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FLEXO Magazine : November 2010
Technologies & Techniques treatment could improve that by 2 to 4 dynes (39-42). The unit must be checked and maintained with a proper air gap of the electrodes. They are maintained at .60in. (1.5mm). Also a proper ground is needed for the system to work properly. Corona treatment could improve dot structure, ink laydown and dust problems in some cases. With proper testing, when a green bond (lamination) strength issue is found, it could be possible to fix, or at least eliminate a variable. UV Dryer. Monitoring, testing, and proper documentation is the key. Are there proper hours on the bulb? Are the bulb or reflectors damaged or dirty? Is the power source given to the lamp in specs? Monitoring and documenting the proper hours on the bulb is a must! Possible concerns include lamp faulting. If this occurs frequently, it could damage or reduce the bulb’s life. Another issue is inconsistent power source to the lamp. You could get more bulb life through proper preven- tive maintenance. Most UV blubs are guaranteed around 1,000 hours, but are some being used more than others with long runs, and are power levels always at 100 percent? This could be affecting the bulb life. If a lamination green bond strength issue occurs, the bulb should be checked first. There are UV test strips available that give you a cure rate, but you need to have first tested them when the UV blub and unit are in peak working condition, then compare initial readings with current results to effectively utilize them. Chiller. Is it functioning and is it being used properly? If they are setting it below or close to the dew point, water and condensation can buildup on the chill rollers and introduce moisture as a possible variable or contaminant. For unsup- ported films, +/- 2 degrees Fahrenheit is the standard. It is a press component that could induce issues if not run properly. Tooling Dies and Cylinders. How do you store them and prevent damage from occurring? What is the condition of your gears? Are they dirty and damaged? Do you have documen- tation on the amount of revolution—the die’s suggested life? Do you have pressure gauges regulating the amount of pres- sure you are adding? Do you document footage or revolution used after each job on the die box to get an estimated amount of revolution that the die has had since its last retool? What about the condition of the printing cylinders and their gears? Keep all documentation. Regularly inspect gears, dies, and cylinders. Having gauges to regulate the amount of pressure applied and working with your tooling vendors on proper stor- age, documentation, and inspection is the key. They will work with you on a program. Anilox and Doctor Blade. Is the anilox and doctor blade being properly maintained? Anilox rolls can carry inconsis- tent amounts of ink, due to damage. Some of the factors that contribute to cell and surface damage are poor housekeep- ing and the type of cleaning chemical/system used. The doctor blade should typically get a full shift’s worth of use, but there are too many things that can change that, so be sure, discuss this with your supplier. With doctor blades, the biggest issue is pressure. When you compensate for a bad blade, bad holder, or incorrect setup, it often causes excessive pressure. This can cause anilox dam- age (scoring) by forcing the blade tip to flex, possibly sliver or even break off. This also creates hydroplaning, which causes more ink to push under the blade (flood coating) creating inconsistent ink film thickness and drying issues. Other guidelines include: • Avoid letting water-based ink sit on the anilox to dry for more than 45 seconds; it will plug cells. • Revisit cleaning procedures on the aniloxes. • Have the anilox rolls periodically audited. • Once they have been audited, analyze the results and begin to send one anilox a month to be reconditioned. • The doctor blade type, its thickness and tip type are the makeup of how a blade performs. You should always be on the lookout for excessive blade wear, spitting, and hydroplaning. Anilox rolls and doctor blades are the backbone of the inking system. In my travels, I have seen rolls in the press not turning up to five minutes at a time, and rolls set on the cleanup rack and left with dried ink on them. Also, nearly every print shop has rolls that have deteriorated, are clogged and have damage to them and their cells. Your vendor can audit your anilox and, in the same visit, properly train your press operators on cleanup procedures and preventive main- tenance. They will also work within your budget to improve your anilox inventory. Inks and Drying. Are your inks drying or curing correctly? Is your ink consistent from batch to batch? Does it have the rheology (makeup and flow characterization) needed with your print and press configuration? If so, can it maintain its rheology with higher speeds and still cure or dry properly? Are your idlers properly cleaned and wrapped to give opti- mum dwell time for the ink to flash the amines, dry, and not pickoff? Most print shops house a wide variety of ink types, sometimes from different vendors. What is the date on these inks? Has any additive(s) been, well, added? What about contaminants that could effect drying and the overall makeup of the ink system? These questions are part of the variables of inks and drying that need to be addressed when pushing the press to its threshold. UV Adhesive. Is this the proper adhesive for your needs? Is any contaminant being introduced into the equation? Is it consistent from batch to batch? Proper testing procedures are what will make sure you are covered. UV adhesive are typically guaranteed for a year. Even though they seem to be doing a sufficient enough job, will they still perform when you push the speed of the press? Always make sure adhesives are clearly marked with an expiration date and remember that there is always the possibility of contaminates. Press Conditions. Is the press and its components cleaned and maintained on a daily basis? Do you have a preventive maintenance program set up to keep it in optimum printing condition? Are contaminants being introduced into the equa- tion because of the housekeeping or due to a lack of it? Work with and monitor operators on properly cleaning and maintaining the press on a daily, weekly and monthly basis. Here are some things to think of and ask yourself about your printing department. • Is the production area properly maintained and cleaned, including the press and its components? • Have you setup periodic preventive maintenance proce- dures as per your press manufacture’s guide? • How about utilizing input from the plant on preventive maintenance with operators’ suggestions. Look over how you now address preventive maintenance, then write down and highlight any daily and weekly issues that occur in your plant. Try to build a preventive maintenance How many revolutions can your die have before it needs replacing? 94 FLeXO november 2010 www.flexography.org FLX_Nov10_mech.indd 94 11/1/10 2:27 PM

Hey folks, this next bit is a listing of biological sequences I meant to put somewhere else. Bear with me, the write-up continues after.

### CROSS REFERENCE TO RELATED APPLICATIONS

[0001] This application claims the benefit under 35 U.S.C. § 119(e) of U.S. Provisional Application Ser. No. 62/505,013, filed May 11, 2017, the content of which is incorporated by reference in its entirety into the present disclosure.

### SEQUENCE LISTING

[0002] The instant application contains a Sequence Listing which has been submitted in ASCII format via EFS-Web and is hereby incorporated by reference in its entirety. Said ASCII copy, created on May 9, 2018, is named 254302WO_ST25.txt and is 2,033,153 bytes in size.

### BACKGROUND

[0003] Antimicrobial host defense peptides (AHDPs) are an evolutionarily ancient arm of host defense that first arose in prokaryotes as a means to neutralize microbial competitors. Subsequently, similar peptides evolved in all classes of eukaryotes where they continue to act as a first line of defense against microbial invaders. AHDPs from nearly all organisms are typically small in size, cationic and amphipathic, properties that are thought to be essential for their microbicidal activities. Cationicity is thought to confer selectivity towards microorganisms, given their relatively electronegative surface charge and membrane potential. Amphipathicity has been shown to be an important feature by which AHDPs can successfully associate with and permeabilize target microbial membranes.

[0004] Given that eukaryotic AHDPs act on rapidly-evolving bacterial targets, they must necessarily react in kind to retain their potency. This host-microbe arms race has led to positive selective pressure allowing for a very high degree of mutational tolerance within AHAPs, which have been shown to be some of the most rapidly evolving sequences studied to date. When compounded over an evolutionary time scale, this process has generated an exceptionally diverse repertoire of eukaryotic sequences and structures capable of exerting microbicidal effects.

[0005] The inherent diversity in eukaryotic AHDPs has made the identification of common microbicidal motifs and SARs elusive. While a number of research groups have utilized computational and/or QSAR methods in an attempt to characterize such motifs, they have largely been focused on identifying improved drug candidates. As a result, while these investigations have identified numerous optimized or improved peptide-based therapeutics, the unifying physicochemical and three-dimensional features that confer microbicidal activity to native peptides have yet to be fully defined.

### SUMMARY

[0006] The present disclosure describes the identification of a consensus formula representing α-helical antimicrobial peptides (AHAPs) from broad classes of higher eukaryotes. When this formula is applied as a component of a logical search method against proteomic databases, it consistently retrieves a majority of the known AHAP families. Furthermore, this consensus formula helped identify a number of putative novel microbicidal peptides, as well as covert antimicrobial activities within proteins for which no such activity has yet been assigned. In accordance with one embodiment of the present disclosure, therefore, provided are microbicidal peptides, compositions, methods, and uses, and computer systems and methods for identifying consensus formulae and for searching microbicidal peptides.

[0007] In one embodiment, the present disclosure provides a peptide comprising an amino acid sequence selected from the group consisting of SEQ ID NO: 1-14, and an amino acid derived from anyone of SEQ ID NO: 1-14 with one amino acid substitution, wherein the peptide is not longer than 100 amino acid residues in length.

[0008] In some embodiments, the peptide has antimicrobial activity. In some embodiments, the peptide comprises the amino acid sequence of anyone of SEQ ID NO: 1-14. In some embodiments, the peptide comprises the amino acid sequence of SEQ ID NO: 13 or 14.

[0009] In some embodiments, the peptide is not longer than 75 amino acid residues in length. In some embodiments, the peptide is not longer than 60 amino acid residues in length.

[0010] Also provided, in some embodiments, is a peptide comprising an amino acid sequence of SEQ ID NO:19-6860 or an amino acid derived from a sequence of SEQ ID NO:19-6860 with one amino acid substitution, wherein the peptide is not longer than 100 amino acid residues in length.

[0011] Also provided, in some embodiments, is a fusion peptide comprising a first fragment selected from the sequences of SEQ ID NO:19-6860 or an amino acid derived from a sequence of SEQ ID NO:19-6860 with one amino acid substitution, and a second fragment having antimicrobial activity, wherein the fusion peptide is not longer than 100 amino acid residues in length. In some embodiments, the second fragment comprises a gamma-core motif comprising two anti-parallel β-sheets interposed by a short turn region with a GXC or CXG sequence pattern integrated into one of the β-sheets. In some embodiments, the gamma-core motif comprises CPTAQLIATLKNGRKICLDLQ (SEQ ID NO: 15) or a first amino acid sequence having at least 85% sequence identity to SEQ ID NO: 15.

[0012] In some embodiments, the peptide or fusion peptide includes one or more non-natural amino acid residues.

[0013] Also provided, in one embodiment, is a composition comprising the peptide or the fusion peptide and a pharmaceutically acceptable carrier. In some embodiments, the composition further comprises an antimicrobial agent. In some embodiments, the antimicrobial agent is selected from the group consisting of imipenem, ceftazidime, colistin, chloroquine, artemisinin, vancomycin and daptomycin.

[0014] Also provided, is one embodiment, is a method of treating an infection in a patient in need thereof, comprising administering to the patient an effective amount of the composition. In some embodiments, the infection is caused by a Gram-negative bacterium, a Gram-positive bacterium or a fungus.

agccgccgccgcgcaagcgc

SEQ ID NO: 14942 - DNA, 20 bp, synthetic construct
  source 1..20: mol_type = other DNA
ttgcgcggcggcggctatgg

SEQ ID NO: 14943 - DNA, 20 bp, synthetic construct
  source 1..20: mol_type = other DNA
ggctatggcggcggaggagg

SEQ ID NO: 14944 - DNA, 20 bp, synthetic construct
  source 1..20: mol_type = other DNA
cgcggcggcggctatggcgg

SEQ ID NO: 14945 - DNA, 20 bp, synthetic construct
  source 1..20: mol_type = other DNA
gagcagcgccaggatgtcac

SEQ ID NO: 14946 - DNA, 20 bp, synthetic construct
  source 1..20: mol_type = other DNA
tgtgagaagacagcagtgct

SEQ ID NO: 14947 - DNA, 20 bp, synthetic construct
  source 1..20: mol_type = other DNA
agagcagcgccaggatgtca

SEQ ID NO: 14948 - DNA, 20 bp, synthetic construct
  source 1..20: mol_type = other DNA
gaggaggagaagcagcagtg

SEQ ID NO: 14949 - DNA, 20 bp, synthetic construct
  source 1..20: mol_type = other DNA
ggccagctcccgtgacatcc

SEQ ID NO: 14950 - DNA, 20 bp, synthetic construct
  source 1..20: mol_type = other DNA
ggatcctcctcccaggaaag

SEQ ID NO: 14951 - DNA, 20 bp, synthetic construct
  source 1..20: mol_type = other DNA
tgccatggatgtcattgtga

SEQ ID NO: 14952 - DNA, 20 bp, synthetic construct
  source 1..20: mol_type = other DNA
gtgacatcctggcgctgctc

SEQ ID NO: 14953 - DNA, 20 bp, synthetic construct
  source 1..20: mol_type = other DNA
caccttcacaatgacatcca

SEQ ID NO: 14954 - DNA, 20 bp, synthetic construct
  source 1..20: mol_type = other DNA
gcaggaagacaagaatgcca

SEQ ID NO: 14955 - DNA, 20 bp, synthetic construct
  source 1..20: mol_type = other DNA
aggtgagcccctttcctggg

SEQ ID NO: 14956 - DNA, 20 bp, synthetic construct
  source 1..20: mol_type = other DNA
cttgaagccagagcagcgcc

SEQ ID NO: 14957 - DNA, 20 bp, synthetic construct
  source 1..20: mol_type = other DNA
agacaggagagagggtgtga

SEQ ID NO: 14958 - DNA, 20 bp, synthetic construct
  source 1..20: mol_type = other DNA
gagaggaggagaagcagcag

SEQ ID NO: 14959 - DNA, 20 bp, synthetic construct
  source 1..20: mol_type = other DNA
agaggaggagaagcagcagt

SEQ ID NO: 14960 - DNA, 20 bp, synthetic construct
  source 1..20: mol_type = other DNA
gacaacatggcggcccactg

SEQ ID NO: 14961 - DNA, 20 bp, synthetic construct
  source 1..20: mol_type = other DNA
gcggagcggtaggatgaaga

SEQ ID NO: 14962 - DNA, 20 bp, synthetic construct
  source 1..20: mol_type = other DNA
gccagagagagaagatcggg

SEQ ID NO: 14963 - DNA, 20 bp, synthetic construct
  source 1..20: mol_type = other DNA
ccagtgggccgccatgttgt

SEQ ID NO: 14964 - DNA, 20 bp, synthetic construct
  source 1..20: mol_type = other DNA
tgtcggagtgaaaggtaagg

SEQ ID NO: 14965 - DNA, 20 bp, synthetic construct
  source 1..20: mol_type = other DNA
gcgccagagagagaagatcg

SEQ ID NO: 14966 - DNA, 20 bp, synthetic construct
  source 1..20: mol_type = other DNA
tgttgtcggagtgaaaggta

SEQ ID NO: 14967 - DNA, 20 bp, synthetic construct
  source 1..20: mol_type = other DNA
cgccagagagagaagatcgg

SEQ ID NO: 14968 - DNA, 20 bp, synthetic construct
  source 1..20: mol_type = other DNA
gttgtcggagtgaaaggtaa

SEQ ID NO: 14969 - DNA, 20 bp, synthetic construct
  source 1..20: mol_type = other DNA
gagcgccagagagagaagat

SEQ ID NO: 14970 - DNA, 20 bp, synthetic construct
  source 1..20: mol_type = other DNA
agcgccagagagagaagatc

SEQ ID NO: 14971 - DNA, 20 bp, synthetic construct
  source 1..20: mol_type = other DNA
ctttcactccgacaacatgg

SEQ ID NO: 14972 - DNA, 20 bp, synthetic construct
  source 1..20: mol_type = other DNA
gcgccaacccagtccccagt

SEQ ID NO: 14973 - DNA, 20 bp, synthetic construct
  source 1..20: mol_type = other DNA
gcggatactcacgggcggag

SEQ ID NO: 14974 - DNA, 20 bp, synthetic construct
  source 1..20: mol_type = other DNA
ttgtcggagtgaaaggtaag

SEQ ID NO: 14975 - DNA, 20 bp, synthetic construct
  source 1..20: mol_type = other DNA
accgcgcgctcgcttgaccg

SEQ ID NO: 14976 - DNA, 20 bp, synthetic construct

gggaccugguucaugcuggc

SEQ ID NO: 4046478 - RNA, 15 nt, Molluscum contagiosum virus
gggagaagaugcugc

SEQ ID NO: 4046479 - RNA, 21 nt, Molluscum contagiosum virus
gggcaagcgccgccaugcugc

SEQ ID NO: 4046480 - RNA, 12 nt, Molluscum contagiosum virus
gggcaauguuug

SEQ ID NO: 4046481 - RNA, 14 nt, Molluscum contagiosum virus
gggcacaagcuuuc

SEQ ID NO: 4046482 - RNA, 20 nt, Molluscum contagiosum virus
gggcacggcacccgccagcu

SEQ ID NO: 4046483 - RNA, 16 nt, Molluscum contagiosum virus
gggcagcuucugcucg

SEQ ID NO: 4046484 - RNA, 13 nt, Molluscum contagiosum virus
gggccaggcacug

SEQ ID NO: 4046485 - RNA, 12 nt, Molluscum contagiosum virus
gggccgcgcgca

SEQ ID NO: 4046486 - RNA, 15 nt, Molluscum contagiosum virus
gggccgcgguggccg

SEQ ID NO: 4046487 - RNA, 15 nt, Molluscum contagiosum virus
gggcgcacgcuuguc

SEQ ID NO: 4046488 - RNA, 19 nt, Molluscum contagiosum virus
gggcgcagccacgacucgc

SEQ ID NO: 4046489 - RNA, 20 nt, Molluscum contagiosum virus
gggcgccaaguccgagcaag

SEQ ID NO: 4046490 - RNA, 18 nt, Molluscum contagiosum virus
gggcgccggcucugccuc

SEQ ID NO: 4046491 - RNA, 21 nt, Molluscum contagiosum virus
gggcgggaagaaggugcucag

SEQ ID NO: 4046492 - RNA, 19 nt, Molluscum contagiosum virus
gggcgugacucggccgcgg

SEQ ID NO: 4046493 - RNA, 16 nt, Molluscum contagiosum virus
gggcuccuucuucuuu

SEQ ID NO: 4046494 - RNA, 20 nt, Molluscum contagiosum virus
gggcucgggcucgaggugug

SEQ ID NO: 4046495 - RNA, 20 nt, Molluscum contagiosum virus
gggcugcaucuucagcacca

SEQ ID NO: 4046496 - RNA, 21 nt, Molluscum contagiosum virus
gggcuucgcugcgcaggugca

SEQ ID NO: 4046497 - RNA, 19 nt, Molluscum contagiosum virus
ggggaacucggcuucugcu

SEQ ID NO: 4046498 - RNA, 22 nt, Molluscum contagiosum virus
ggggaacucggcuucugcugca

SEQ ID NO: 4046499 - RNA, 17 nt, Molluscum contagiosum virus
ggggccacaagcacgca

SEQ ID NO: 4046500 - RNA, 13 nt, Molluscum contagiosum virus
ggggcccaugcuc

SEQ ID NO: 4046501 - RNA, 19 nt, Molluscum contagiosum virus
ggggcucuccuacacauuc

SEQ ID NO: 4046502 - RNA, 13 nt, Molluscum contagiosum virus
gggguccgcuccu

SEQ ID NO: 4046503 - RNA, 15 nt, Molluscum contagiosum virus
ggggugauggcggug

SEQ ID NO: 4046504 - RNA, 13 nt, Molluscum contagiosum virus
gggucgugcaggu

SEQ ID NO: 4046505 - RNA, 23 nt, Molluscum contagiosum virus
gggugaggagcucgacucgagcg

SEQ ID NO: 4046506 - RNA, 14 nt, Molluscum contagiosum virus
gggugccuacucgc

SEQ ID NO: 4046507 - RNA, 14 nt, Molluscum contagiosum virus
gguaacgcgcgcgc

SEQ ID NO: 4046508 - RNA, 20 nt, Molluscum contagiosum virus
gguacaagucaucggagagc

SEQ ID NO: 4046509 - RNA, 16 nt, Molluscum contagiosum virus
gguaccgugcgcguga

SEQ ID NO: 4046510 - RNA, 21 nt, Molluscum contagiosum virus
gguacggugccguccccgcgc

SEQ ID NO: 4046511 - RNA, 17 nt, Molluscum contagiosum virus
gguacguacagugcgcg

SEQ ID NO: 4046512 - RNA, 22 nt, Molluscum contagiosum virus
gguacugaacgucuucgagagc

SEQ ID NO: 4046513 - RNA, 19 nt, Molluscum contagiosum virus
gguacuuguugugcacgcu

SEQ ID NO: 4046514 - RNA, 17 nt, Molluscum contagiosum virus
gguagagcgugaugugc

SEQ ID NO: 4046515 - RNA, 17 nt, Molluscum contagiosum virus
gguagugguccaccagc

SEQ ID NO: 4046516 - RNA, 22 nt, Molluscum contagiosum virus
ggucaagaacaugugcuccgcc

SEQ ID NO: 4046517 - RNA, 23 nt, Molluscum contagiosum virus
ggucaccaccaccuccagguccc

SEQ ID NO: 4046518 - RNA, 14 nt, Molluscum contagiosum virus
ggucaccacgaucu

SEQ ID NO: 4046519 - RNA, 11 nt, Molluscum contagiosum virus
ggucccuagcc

Sustainable Fall 2010